Thursday, September 29, 2011


Spinelli, Jerry. Milkweed

New York, NY: Random House, 2003. Print.

Annotation: A young boy is rescued by orphans in Nazi-occupied Warsaw during World War II. It is the survival of Misha as he learns what is happening to the world around him.

Review: This is a compelling story through the experiences of Misha, a gypsy, a thief, a Jew – he is not sure but defiantly an orphan. He really doesn’t have a name or history until an older street orphan, Uri, finds him. Uri tries to teach him the street life and keep him safe but Misha really doesn’t understand what is going on around him as the Nazi with their shiny boots make the basic needs of shelter and food almost impossible. When the misfits and Jews are forced into the ghetto, he uses his skills as a thief that gets him adopted by a Jewish family. He learns about caring and belonging when the outside world is trying to destroy him. Through Misha’s eyes the events of the Holocaust unfold as the trains take away the orphans and the only family he thought he had. Misha realizes that being nobody is the safest way to be in order to survive.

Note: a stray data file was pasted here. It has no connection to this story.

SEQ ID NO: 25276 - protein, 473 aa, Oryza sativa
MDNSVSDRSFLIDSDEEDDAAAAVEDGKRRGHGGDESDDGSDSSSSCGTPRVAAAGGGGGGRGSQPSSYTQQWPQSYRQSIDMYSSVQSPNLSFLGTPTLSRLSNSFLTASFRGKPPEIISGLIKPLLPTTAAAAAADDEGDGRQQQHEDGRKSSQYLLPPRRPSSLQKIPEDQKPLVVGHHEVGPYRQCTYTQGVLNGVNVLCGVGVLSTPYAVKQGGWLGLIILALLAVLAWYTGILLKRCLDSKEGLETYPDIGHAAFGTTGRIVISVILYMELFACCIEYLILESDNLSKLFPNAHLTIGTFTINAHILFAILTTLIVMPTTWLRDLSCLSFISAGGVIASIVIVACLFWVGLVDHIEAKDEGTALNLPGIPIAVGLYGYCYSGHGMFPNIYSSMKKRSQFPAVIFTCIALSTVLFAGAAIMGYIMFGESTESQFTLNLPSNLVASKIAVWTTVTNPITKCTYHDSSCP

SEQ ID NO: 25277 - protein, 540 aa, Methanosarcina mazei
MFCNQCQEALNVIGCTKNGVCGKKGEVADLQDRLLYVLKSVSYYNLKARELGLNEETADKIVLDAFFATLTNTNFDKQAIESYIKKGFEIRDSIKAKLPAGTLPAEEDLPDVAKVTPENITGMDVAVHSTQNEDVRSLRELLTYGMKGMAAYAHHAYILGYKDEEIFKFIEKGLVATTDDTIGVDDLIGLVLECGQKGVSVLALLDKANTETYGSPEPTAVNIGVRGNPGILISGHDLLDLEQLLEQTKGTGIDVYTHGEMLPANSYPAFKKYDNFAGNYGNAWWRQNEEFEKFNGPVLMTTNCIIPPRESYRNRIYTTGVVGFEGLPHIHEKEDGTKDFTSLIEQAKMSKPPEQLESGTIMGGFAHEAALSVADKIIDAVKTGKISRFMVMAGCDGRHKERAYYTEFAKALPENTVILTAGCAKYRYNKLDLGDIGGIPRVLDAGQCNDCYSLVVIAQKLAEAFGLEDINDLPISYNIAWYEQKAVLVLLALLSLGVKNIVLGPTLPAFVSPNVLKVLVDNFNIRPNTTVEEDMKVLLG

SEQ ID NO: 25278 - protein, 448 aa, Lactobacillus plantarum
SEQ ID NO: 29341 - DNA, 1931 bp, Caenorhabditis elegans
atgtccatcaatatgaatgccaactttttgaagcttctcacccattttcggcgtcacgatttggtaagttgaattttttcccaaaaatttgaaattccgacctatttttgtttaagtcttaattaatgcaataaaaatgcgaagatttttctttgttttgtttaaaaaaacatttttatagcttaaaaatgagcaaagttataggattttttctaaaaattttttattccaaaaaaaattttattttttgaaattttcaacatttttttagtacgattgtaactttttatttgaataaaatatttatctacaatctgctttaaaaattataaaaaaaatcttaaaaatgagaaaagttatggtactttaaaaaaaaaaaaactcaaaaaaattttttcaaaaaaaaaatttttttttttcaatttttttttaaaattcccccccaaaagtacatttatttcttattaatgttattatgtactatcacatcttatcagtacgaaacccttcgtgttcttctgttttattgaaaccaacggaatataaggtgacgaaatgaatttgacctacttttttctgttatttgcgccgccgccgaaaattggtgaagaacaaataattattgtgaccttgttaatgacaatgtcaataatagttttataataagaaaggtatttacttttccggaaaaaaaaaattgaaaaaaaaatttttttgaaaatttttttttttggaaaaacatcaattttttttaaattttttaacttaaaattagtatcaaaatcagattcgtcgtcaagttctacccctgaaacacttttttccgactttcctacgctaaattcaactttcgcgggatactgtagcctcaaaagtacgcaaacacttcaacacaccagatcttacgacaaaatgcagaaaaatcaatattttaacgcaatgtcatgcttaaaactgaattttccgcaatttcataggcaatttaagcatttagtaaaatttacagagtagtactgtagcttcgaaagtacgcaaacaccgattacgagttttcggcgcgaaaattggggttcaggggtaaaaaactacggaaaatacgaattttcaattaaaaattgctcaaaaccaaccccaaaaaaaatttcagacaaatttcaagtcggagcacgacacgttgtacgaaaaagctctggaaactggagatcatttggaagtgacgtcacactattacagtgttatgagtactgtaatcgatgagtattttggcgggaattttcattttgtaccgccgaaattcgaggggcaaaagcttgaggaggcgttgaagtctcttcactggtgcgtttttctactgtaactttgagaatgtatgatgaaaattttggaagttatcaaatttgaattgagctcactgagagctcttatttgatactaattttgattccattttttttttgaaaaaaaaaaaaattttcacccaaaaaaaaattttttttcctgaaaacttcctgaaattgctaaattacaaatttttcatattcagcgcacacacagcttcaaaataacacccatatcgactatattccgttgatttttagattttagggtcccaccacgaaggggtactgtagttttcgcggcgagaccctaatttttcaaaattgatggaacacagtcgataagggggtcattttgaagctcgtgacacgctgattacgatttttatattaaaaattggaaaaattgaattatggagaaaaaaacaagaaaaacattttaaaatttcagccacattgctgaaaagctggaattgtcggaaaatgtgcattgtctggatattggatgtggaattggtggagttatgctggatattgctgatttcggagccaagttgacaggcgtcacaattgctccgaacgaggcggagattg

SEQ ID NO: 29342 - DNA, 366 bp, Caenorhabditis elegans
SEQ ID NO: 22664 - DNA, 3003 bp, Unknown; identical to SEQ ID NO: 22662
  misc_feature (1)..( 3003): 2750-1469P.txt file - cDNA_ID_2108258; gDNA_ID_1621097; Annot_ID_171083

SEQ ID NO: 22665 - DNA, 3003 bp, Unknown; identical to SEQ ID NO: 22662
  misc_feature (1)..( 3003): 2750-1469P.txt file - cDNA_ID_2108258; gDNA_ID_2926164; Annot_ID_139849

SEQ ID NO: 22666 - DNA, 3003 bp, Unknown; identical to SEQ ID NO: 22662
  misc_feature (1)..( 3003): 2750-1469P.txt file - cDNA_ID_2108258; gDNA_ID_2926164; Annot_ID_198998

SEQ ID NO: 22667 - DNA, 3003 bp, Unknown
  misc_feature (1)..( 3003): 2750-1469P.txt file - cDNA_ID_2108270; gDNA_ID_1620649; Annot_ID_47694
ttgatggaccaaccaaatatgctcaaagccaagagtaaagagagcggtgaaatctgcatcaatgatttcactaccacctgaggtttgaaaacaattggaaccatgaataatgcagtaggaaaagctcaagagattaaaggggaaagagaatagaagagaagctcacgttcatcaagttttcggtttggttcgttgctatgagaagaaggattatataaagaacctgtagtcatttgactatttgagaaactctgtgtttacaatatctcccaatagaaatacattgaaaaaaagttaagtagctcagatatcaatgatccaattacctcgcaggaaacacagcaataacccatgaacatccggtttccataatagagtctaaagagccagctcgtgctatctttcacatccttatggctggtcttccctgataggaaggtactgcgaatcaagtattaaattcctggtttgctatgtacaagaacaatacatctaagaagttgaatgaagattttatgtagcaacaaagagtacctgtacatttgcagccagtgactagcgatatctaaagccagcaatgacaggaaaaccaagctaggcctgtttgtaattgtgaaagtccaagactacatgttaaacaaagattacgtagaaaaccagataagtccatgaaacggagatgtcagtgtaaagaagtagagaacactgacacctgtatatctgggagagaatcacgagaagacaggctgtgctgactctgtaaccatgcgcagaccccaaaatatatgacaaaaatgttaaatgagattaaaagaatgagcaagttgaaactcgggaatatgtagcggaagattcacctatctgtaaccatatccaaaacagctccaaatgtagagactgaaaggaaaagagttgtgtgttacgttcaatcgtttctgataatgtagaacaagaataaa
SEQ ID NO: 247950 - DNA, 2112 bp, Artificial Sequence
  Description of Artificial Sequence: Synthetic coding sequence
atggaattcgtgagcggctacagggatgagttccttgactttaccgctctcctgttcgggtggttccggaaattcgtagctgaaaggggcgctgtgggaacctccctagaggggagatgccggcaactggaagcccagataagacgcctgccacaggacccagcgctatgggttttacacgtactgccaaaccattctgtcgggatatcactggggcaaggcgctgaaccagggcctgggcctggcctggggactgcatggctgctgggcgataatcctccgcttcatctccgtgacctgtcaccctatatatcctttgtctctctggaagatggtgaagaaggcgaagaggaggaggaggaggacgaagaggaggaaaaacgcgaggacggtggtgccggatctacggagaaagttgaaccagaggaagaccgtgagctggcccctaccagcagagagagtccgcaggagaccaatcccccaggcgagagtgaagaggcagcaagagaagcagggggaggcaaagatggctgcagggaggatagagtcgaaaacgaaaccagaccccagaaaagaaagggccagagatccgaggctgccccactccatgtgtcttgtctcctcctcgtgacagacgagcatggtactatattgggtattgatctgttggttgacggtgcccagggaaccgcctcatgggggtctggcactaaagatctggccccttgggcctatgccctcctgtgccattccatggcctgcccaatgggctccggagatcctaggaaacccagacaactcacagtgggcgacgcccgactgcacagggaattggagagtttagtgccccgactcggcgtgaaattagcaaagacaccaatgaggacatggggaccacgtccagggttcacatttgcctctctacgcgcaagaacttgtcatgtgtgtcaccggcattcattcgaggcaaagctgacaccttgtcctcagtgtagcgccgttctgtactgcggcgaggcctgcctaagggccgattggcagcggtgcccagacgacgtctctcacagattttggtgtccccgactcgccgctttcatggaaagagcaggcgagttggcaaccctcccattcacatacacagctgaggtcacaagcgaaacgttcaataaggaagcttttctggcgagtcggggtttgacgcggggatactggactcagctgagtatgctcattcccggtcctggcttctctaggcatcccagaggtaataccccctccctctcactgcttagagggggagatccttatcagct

Awards & Honors

  • Golden Kite Award (2003)
  • ALA Best Young Adult Books (2004)
  • National Jewish Book Award

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